From statistics released by the hon the Minister today in reply to questions, it is a fact that in 1983 there were 7 889 reports of assault with intent to do grievous bodily harm in the Peninsula area; there were also 740 murders, 1 327 rapes and 5 071 robberies. In other words, during 1983, on an average day in the Peninsula, there were 2 murders, 4 rapes, 14 robberies and 22 assaults with intent to do grievous bodily harm. These are figures released by the hon the Minister this morning. I know the hon the Minister is fond of making comparisons with other cities in South Africa but when comparisons are made with other cities in the Western world a very disturbing picture emerges.


Has the hon member got the figures?


I have certain figures, but perhaps the hon the Minister in his reply will be able to furnish some more figures which we will find very interesting. [Interjections.]

When the hon the Minister opened the Table View police station last year, in a rare moment of candour he was quoted as saying:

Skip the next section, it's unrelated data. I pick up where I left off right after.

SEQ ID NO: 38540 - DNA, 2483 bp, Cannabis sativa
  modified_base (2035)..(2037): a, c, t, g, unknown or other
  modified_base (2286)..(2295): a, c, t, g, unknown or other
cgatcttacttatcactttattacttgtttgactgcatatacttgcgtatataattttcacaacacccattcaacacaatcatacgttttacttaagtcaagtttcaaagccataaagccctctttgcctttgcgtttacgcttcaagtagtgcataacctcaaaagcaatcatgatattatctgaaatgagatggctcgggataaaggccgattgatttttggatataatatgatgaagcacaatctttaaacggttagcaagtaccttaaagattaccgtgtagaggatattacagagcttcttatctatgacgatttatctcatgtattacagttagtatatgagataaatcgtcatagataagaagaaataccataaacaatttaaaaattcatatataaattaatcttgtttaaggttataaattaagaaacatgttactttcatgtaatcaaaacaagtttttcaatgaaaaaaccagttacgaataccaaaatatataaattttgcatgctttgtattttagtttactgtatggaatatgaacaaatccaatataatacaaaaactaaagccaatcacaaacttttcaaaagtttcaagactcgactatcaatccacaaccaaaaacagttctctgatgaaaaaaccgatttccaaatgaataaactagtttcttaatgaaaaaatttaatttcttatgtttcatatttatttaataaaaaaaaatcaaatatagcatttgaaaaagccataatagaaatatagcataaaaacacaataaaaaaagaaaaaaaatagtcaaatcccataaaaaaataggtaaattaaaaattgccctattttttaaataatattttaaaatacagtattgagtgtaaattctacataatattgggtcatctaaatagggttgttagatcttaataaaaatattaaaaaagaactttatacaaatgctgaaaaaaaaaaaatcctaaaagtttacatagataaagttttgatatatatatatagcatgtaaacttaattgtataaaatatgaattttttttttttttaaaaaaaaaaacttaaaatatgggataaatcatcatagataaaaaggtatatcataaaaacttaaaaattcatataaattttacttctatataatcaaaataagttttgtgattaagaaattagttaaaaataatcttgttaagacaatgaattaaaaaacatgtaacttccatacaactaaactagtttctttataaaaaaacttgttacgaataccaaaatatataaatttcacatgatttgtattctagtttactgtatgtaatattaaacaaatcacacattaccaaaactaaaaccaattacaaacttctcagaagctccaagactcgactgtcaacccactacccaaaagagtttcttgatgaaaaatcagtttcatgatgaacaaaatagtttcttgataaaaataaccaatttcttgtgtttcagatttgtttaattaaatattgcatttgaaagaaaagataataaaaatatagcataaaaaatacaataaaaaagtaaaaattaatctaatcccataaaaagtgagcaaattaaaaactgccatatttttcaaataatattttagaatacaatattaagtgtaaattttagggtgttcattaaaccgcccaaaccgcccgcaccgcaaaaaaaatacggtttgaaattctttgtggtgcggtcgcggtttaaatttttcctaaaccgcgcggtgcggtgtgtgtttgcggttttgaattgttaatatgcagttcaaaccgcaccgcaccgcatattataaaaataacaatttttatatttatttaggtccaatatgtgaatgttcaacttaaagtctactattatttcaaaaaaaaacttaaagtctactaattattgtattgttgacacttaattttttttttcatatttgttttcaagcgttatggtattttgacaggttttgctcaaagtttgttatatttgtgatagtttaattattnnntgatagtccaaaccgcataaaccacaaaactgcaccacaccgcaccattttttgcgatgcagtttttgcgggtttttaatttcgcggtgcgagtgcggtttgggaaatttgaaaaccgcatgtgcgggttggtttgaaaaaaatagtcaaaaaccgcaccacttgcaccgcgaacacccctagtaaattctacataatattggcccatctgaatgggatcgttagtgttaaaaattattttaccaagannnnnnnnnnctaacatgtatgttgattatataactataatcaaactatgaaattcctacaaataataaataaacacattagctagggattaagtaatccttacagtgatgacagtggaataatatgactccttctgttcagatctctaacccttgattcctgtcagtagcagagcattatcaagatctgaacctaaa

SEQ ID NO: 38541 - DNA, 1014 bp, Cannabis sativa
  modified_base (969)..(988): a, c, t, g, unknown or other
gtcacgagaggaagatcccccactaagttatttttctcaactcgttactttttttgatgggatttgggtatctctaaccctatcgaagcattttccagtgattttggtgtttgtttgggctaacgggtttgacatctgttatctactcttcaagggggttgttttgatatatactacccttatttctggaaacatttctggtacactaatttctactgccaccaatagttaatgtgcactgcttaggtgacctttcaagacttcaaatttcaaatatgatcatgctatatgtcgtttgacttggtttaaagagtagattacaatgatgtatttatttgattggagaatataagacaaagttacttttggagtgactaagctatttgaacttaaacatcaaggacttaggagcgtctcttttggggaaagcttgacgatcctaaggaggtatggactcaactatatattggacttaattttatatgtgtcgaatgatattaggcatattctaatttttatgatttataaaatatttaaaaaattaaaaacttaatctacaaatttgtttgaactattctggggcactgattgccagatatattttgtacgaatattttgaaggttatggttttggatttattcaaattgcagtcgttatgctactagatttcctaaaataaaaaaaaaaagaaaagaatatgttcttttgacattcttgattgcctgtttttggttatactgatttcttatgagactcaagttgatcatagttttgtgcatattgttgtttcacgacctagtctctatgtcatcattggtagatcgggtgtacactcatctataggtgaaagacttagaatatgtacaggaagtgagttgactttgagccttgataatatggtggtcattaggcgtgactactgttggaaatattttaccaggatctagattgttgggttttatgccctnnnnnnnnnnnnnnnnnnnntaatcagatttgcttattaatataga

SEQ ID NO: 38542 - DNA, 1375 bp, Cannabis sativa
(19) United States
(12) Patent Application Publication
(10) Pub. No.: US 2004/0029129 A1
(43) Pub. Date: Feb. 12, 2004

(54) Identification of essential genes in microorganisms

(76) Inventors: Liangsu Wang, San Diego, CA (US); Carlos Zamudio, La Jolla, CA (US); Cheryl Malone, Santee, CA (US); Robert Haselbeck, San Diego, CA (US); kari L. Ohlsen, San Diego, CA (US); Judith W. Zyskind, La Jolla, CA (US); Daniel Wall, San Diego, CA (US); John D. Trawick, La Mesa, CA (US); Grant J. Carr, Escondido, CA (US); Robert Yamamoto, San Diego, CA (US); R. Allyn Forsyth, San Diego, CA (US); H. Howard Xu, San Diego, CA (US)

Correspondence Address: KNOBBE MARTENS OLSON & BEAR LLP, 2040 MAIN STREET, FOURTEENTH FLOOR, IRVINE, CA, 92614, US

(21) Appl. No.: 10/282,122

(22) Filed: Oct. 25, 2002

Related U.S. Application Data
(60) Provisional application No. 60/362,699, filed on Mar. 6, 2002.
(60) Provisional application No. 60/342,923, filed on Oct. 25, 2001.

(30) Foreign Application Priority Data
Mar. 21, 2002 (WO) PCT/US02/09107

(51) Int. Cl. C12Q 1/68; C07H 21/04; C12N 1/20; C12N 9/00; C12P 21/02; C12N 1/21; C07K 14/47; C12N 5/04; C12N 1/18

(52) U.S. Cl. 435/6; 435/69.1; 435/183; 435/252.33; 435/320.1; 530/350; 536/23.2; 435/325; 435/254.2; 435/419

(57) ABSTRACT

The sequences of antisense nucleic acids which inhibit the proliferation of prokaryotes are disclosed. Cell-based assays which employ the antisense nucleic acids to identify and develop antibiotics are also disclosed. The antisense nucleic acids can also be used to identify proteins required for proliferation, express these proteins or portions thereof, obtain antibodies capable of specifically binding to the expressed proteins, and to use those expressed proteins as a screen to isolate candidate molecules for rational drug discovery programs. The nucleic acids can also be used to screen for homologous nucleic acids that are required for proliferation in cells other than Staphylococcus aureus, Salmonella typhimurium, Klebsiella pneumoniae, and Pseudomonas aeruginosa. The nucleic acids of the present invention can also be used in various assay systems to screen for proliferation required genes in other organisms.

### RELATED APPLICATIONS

It must be admitted that all is not well with the crime situation in the Peninsula but the situation is under daily close scrutiny.

[Interjections.] He had to say that, but we do have a serious problem here. At that time it had just been reported that the incidence of rape had increased by some 18%, and serious assault by 5% over the 1982 period, One has to try to get at the truth of this situation by little bits and pieces of information here and there because the hon the Minister knows that he has been amazingly reticent about figures. Until this morning we have gone three years without official statistics being released in the House. On an earlier occasion, the Divisional CI Chief for the Western Cape, Brig Dries van der Heever, revealed that during the first six months of 1982 there was an average of 9 102 serious crimes per month here in the Western Cape.